5. 5.

    If P is (WINDOW ?x \(P'\)), then \([\![P ]\!]^{D,W,\tau }_G = \bigcup _{u \in \mathrm {dom}(W)} [\![\text {WINDOW} \ u \ P' ]\!]^{D,W,\tau }_G\)

  6. 6.

    If P is (P1 AND P2), then \([\![P ]\!]^{D,W,\tau }_G = [\![P1 ]\!]^{D,W,\tau }_G \bowtie [\![P2 ]\!]^{D,W,\tau }_G\)

  7. 7.

    If P is (P1 UNION P2), then \([\![P ]\!]^{D,W,\tau }_G = [\![P1 ]\!]^{D,W,\tau }_G \cup [\![P2 ]\!]^{D,W,\tau }_G\)

  8. 8.

    If P is (P1 OPT P2), then  

It remains to define the semantics of RSP-QL\(^{\star }\!\) queries, which contain window declarations in addition to an RSP-QL\(^{\star }\!\) pattern (cf. Definition 9).

Definition 15

Let \(\mathcal {S}\) be a finite set of named RDF\(^\star \) streams and \(q = (\omega ,P)\) be an RSP-QL\(^{\star }\!\) query such that for every IRI \(u_S \in \mathrm {dom}(\omega )\) there exists a named RDF\(^\star \) stream \((u_S,S) \in \mathcal {S}\). Furthermore, let D be an RDF\(^\star \) dataset and \(\tau \) be a timestamp. The evaluation of q over D and \(\mathcal {S}\) at \(\tau \), denoted by \([\![q ]\!]^{D,\mathcal {S},\tau }\), is defined as \([\![q ]\!]^{D,\mathcal {S},\tau } = [\![P ]\!]^{D,W,\tau }_G\) where G is the default graph of D and W is a partial function such that \(\mathrm {dom}(W) = \mathrm {dom}(\omega )\) and for every IRI \(u \in \mathrm {dom}(W)\), it holds that W(u) is the time-based window \(\mathcal {W}(S, x-\alpha , x)\) with \((u_S,S) \in \mathcal {S}\), \((u_S, \alpha , \beta , \tau _0) = \omega (u)\) and \(x = \tau _0 + \alpha + \beta \times i\) for the greatest possible \(i \in \mathbb {N}\) for which \(x < \tau \).

figure h

7 Application-Based Evaluation

In this section, we evaluate RSP-QL\(^{\star }\!\) based on the application use-case scenario introduced in Sect. 3. To this end, we make three assumptions: First, we assume that all parameters about the patient are provided in separate streams.

Second, the thresholds for the physiological parameters are context dependent, and we assume that the background data contains information about Rut’s expected values with respect to some activity. Third, we assume that all physiological parameters are reported with a confidence value representing some inherent uncertainty of the sample.

Listing 1.2 illustrates a typical query for the application scenario. For the sake of readability, we have simplified the query slightly compared to the actual project application. Additional optimization strategies would also be employed in practice to provide improved scalability.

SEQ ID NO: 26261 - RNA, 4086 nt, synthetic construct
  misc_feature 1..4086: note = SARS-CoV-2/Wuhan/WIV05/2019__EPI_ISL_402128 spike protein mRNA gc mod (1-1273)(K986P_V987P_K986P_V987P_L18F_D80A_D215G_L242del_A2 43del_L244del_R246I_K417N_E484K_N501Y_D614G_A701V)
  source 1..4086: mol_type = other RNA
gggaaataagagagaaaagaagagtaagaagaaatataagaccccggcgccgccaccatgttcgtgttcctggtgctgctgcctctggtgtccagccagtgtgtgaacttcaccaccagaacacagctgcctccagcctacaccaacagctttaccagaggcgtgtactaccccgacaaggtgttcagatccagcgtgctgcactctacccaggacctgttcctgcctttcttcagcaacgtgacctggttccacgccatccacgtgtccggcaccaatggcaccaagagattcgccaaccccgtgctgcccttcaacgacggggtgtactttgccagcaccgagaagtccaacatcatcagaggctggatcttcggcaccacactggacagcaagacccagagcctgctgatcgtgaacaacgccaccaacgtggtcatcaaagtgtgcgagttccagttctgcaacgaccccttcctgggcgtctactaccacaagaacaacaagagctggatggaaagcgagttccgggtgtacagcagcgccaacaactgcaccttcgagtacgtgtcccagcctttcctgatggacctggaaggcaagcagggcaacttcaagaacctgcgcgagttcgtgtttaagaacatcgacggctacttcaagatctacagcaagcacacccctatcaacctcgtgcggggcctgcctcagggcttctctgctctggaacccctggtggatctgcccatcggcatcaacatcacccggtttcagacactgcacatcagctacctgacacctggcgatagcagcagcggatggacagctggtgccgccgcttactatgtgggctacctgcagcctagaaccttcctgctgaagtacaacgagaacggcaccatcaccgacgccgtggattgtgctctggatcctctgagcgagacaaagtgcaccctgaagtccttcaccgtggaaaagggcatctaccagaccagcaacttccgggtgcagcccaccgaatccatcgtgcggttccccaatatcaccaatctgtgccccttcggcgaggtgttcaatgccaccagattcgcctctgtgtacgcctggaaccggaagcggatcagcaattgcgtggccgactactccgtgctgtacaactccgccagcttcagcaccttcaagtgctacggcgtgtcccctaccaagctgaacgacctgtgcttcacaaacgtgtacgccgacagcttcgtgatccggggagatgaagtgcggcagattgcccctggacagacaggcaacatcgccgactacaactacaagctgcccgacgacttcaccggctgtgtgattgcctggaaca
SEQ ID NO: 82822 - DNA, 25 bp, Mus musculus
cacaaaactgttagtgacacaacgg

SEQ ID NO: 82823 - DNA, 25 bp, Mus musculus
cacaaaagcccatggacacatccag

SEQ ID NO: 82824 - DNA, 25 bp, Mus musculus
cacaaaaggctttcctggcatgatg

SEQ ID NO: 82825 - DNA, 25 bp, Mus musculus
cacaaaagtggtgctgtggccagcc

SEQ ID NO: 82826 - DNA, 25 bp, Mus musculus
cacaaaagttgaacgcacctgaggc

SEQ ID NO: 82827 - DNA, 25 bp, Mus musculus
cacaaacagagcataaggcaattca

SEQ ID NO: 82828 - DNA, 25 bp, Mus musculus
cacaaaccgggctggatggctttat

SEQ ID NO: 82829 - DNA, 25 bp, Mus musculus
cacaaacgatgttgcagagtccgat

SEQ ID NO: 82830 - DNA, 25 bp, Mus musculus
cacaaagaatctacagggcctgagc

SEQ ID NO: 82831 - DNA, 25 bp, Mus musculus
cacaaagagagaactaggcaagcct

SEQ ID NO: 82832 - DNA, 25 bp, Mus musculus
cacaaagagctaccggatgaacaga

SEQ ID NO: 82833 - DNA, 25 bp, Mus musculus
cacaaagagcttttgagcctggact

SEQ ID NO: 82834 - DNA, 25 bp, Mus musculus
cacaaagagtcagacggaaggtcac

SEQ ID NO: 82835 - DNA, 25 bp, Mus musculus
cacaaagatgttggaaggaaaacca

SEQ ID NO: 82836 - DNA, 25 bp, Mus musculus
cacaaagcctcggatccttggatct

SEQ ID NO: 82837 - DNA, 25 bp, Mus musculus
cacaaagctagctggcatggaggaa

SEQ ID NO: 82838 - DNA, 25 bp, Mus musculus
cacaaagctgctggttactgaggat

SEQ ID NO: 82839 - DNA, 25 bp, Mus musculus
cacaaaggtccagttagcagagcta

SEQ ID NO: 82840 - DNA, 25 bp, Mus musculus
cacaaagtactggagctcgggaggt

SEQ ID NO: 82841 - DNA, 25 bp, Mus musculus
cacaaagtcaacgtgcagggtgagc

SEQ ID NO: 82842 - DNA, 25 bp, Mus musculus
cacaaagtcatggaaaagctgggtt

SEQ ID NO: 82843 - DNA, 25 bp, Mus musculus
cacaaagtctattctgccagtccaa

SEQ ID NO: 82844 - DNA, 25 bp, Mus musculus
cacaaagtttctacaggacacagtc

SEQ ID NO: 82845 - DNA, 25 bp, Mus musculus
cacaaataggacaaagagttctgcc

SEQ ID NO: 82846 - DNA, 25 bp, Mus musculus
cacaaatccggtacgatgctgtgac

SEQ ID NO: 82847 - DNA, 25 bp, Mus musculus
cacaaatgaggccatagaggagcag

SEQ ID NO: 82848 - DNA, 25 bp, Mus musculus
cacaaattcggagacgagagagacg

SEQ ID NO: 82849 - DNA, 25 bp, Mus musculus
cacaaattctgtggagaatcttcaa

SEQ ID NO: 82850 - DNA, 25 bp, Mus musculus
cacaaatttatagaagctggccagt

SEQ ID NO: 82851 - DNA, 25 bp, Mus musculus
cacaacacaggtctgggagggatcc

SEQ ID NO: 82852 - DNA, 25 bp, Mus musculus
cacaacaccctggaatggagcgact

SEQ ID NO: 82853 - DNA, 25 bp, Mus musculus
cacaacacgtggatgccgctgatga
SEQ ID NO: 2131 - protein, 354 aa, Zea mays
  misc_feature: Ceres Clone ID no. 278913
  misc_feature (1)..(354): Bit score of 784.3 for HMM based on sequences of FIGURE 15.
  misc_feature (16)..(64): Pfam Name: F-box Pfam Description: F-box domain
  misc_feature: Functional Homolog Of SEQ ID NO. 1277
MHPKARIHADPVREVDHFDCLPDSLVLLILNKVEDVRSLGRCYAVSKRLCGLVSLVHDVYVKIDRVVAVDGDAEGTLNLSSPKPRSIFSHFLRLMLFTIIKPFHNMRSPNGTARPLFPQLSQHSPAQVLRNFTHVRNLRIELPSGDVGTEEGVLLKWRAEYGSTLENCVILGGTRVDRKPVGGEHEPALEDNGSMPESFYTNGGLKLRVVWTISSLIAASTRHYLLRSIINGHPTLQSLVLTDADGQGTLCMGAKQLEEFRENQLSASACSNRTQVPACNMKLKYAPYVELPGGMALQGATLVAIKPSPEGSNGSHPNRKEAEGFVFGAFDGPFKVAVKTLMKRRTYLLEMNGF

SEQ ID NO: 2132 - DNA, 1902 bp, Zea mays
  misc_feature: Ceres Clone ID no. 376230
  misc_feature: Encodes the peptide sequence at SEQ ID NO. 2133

The inputs to the query are 5 different streams that report data about the patient’s current heart rate, breathing rate, oxygen saturation, location (of both Rut and Rut’s partner), and current activity, respectively. The activity stream might have been created by another reasoning mechanism in the system, which infers activities of daily life based on sensor inputs and the context. For each window, the values are filtered for specific values or a confidence threshold, and then the aggregated data is checked against the threshold values specific to the current context of the patient (e.g., including the type of activity). If these conditions are met, we consider it a low-emergency situation, as described in the scenario outlined in Sect. 3. The resulting event is pushed to another stream upon which the system can act appropriately. In our use-case scenario, the system would first contact Rut’s partner. Similar queries could be set up to deal with other situations that the system should be able to detect.

The application of RSP-QL\(^{\star }\!\) to this project use case shows that it is possible to express the queries needed, and that the proposed language thereby fulfills our use-case based requirements. In particular, it is worth noting the compactness and relative readability of the query in Listing 1.2, as compared to the corresponding RDF reification queryFootnote 3 (excluded to space constraints).

8 Performance Evaluation

In this section, we begin by briefly describing a prototype implementation of the proposed approach. We then report on the effects of the proposed RDF stream model with respect to data bandwidth, and compare it with a baseline approach of using RDF reification. Finally, we compare the query execution performance of the prototype when using RDF\(^\star \) as opposed to RDF reification, while varying the number of annotated triples per streamed element.

All experiments were run on a MacBook Pro with 16 GB 1600 MHz DDR3 memory, and a 2.8 GHz Intel Core i7. The experiments were run using Java 1.8.0 with 2048 MB allocated for the JVM. All experiments were preceded by warm-up runs and averages for execution times were collected only after memory usage had stabilized.